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Johnson & Johnson Ordered to Pay $18.8 Million in Talc Cancer Suit This week, the company also filed a separate but unrelated lawsuit against the Biden Administration.

By Madeline Garfinkle

Key Takeaways

  • On Tuesday, Johnson & Johnson was ordered to pay $18.8 million in a talc lawsuit over cancer claims.
  • In a separate case, also on Tuesday, the company filed a lawsuit suing the Biden Administration over the government's new drug price negotiation authority.
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On Tuesday, John & Johnson (J&J) filed a lawsuit suing the Biden administration over Medicare's new authority to reduce drug prices, joining Merck and Bristol Myers Squibb in challenging the controversial provision of the Inflation Reduction Act.

The Inflation Reduction Act, signed into law in August 2022, aims to fight inflation, lower the deficit, and reduce carbon emissions, among other goals. It includes reforms to the tax system, investments in clean energy, and allows Medicare to negotiate prescription drug prices.

The lawsuit argues that the IRA Medicare price negotiations violate the First and Fifth Amendments of the U.S. Constitution by "coercing" the company into "agreeing" that the government is "negotiating" a "fair" price and compels the company "to make false and misleading statements," according to the complaint.

Additionally, the company believes that the IRA will stifle medical progress.

"We believe that the IRA's pricing provisions will constrain medical innovation, limit patient access and choice, and negatively impact the overall quality of patient care," J&J wrote in a press release on Tuesday.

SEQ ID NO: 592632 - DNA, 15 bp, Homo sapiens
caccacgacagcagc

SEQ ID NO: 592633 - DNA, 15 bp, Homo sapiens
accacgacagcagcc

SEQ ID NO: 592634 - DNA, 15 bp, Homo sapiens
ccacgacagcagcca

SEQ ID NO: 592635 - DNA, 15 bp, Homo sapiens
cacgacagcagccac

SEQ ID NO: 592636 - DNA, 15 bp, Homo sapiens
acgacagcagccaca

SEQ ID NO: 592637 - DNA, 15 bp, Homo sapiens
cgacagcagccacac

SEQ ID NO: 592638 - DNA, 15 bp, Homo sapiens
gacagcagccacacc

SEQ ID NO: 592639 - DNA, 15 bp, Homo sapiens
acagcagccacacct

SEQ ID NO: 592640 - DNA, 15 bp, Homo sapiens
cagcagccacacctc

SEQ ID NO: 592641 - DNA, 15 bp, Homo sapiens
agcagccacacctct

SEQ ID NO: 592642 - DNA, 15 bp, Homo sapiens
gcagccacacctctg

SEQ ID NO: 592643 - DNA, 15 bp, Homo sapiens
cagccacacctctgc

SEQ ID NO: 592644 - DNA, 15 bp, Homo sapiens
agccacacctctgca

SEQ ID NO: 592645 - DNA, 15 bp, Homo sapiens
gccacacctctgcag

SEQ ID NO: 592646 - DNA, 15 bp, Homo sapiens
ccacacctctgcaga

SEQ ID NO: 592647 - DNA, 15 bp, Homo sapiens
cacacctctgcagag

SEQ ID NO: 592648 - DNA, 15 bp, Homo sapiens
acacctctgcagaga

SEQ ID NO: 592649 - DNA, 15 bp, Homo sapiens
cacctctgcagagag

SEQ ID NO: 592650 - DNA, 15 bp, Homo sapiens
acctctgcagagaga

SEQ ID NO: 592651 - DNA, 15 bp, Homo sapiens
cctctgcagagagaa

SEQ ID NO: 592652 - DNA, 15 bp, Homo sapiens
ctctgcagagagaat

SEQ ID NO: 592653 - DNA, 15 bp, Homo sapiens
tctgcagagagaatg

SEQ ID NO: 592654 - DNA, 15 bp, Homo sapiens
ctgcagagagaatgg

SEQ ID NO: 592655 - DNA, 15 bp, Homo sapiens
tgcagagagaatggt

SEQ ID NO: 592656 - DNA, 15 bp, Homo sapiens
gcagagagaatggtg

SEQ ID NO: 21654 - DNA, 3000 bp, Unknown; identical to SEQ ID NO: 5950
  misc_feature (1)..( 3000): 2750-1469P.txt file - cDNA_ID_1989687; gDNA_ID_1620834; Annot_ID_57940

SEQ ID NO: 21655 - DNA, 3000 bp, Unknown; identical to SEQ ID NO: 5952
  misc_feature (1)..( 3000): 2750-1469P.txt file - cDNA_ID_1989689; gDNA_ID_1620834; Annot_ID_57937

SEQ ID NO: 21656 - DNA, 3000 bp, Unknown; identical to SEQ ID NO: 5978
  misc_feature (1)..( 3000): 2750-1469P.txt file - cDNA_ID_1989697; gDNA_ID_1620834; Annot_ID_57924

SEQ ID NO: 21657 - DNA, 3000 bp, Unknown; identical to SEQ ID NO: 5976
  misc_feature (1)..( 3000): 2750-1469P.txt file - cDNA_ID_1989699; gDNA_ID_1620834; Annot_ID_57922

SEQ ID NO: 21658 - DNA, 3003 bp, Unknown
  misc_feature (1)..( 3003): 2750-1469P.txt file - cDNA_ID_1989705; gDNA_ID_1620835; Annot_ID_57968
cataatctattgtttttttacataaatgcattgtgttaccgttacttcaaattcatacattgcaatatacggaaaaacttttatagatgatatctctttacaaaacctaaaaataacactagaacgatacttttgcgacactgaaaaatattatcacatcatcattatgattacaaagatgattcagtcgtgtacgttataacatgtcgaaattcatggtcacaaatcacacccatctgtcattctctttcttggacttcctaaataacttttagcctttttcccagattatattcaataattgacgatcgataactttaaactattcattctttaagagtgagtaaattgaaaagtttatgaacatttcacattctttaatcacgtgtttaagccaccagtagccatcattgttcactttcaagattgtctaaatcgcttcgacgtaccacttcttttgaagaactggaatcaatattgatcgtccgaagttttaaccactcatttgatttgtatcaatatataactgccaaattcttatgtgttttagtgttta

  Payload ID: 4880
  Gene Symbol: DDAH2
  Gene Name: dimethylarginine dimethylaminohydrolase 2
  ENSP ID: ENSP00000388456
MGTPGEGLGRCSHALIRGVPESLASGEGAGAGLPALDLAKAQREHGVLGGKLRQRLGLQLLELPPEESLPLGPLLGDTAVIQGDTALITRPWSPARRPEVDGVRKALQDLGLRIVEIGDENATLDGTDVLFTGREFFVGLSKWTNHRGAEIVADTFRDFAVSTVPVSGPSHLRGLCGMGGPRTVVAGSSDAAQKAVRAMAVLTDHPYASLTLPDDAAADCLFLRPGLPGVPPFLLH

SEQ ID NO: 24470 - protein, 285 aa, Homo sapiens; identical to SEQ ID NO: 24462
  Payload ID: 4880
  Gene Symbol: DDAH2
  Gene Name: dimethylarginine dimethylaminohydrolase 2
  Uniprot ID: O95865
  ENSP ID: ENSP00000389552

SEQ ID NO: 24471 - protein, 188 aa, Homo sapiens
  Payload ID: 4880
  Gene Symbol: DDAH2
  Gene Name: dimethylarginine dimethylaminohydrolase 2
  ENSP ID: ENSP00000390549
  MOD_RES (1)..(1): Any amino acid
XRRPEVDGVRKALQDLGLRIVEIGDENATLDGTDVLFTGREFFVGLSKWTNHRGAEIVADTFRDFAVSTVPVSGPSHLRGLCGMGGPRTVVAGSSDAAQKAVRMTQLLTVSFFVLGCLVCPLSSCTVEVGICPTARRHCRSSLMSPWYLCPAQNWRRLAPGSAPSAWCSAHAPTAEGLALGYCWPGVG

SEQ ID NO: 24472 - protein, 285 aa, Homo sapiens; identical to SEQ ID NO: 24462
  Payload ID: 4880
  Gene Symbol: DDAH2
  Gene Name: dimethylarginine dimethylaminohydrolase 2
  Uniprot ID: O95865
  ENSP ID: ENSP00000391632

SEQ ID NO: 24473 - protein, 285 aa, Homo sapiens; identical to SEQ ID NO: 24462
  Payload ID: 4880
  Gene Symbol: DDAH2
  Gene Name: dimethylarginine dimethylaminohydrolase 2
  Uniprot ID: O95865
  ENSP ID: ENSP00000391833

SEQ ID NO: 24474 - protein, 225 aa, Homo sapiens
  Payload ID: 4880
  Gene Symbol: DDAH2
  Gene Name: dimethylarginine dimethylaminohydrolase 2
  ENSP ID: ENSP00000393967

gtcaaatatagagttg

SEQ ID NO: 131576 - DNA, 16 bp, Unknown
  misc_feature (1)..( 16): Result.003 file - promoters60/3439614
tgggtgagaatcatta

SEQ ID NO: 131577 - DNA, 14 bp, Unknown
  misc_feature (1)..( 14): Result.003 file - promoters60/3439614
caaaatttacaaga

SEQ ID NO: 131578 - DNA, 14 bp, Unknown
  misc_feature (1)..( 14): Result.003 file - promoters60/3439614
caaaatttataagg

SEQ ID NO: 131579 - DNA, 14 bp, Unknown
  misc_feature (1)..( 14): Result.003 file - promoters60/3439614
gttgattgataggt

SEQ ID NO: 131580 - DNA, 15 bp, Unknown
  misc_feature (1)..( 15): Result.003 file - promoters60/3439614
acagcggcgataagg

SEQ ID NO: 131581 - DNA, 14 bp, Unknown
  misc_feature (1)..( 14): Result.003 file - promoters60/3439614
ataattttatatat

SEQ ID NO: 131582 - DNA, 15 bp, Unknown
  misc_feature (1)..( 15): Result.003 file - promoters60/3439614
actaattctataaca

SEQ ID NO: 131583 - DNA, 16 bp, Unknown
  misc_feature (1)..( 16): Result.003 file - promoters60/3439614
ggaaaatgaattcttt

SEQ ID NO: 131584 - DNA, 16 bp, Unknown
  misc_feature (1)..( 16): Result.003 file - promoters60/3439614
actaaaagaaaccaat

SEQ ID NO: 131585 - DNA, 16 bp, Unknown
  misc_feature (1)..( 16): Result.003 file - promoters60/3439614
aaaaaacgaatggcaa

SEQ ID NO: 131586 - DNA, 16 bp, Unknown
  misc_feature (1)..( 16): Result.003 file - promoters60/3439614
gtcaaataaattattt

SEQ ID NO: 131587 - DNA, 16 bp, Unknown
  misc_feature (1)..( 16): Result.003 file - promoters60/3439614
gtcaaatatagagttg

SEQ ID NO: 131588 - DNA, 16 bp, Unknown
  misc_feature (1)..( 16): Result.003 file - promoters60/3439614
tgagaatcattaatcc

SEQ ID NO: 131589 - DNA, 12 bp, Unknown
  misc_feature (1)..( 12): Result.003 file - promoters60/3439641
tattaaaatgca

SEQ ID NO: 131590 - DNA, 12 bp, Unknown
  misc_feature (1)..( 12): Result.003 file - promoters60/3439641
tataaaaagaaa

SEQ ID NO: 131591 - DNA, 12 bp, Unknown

The U.S. Health and Human Services Department said it will "vigorously defend the President's drug price negotiation law, which is already helping to lower health care costs for seniors and people with disabilities," per CNBC.

How Much Did J&J Pay for Talc Cancer Lawsuit?

Also on Tuesday, Johnson & Johnson (J&J) was ordered to pay $18.8 million to a California man who claimed he developed cancer from using the company's baby powder, Reuters reported.

Emory Hernandez Valadez, 24, filed a lawsuit last year against J&J claiming he developed mesothelioma due to prolonged exposure to the company's talc since childhood.

Related: Johnson & Johnson Ordered to Pay $55 Million in Talc-Powder Trial

Talc is a soft mineral used in various consumer products like baby powder and cosmetics for its ability to absorb moisture and reduce friction. However, its use has also been subject to controversy, particularly with J&J, which has faced thousands of lawsuits alleging its talc-based products are contaminated with cancer-causing asbestos.

In April, the company filed for bankruptcy through a subsidiary, LTL Management, with a proposal to settle over 38,000 lawsuits for $8.9 billion. However, most litigation has been halted during bankruptcy proceedings. The reason Hernandez's trial proceeded was due to his terminal condition and the rarity of his form of mesothelioma, setting it apart from the majority of cases against J&J, Reuters added.

The jury ruled in favor of Hernandez on Tuesday. While Hernandez was awarded damages for medical bills and strife, the jury did not grant punitive damages against J&J.

The company plans to appeal the verdict, maintaining that its products are safe and do not cause cancer, per Reuters.

Erik Haas, J&J vice president of litigation, told the outlet that the verdict is "irreconcilable with the decades of independent scientific evaluations confirming Johnson's Baby Powder is safe, does not contain asbestos, and does not cause cancer."

Related: Johnson & Johnson Hit With More Than $1 Billion Verdict on Hip Implants

Madeline Garfinkle

News Writer

Madeline Garfinkle is a News Writer at Entrepreneur.com. She is a graduate from Syracuse University, and received an MFA from Columbia University. 

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